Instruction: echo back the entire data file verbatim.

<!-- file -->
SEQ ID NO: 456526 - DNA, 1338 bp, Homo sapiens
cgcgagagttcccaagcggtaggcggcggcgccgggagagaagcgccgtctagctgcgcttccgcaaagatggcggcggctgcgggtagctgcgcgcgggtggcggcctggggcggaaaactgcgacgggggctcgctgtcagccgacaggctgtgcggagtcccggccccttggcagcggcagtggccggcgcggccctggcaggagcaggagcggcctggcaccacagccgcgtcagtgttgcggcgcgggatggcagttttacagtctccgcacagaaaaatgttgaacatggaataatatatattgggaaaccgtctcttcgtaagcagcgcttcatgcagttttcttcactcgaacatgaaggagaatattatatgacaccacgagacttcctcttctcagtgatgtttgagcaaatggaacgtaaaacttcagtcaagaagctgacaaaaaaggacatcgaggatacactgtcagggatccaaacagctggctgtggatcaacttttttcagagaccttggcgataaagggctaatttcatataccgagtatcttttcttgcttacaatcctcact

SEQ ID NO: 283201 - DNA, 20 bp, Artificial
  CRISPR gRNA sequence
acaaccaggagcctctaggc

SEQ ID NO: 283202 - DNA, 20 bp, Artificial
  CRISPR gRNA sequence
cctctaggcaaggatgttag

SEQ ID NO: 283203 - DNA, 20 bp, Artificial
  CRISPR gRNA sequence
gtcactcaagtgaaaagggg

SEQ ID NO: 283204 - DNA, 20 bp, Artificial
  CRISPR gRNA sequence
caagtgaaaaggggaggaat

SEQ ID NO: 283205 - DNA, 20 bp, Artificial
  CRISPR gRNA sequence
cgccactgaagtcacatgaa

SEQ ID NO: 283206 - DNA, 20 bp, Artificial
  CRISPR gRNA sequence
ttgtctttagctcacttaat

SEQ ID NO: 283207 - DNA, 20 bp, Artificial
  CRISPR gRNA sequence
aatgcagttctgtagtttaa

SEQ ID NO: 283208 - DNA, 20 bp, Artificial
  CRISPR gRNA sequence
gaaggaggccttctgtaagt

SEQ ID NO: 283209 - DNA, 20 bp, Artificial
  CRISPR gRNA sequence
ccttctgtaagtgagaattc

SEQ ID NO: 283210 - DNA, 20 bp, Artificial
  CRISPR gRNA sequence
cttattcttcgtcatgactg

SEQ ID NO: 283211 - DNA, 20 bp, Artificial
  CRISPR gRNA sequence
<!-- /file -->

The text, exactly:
SEQ ID NO: 456526 - DNA, 1338 bp, Homo sapiens
cgcgagagttcccaagcggtaggcggcggcgccgggagagaagcgccgtctagctgcgcttccgcaaagatggcggcggctgcgggtagctgcgcgcgggtggcggcctggggcggaaaactgcgacgggggctcgctgtcagccgacaggctgtgcggagtcccggccccttggcagcggcagtggccggcgcggccctggcaggagcaggagcggcctggcaccacagccgcgtcagtgttgcggcgcgggatggcagttttacagtctccgcacagaaaaatgttgaacatggaataatatatattgggaaaccgtctcttcgtaagcagcgcttcatgcagttttcttcactcgaacatgaaggagaatattatatgacaccacgagacttcctcttctcagtgatgtttgagcaaatggaacgtaaaacttcagtcaagaagctgacaaaaaaggacatcgaggatacactgtcagggatccaaacagctggctgtggatcaacttttttcagagaccttggcgataaagggctaatttcatataccgagtatcttttcttgcttacaatcctcact

SEQ ID NO: 283201 - DNA, 20 bp, Artificial
  CRISPR gRNA sequence
acaaccaggagcctctaggc

SEQ ID NO: 283202 - DNA, 20 bp, Artificial
  CRISPR gRNA sequence
cctctaggcaaggatgttag

SEQ ID NO: 283203 - DNA, 20 bp, Artificial
  CRISPR gRNA sequence
gtcactcaagtgaaaagggg

SEQ ID NO: 283204 - DNA, 20 bp, Artificial
  CRISPR gRNA sequence
caagtgaaaaggggaggaat

SEQ ID NO: 283205 - DNA, 20 bp, Artificial
  CRISPR gRNA sequence
cgccactgaagtcacatgaa

SEQ ID NO: 283206 - DNA, 20 bp, Artificial
  CRISPR gRNA sequence
ttgtctttagctcacttaat

SEQ ID NO: 283207 - DNA, 20 bp, Artificial
  CRISPR gRNA sequence
aatgcagttctgtagtttaa

SEQ ID NO: 283208 - DNA, 20 bp, Artificial
  CRISPR gRNA sequence
gaaggaggccttctgtaagt

SEQ ID NO: 283209 - DNA, 20 bp, Artificial
  CRISPR gRNA sequence
ccttctgtaagtgagaattc

SEQ ID NO: 283210 - DNA, 20 bp, Artificial
  CRISPR gRNA sequence
cttattcttcgtcatgactg

SEQ ID NO: 283211 - DNA, 20 bp, Artificial
  CRISPR gRNA sequence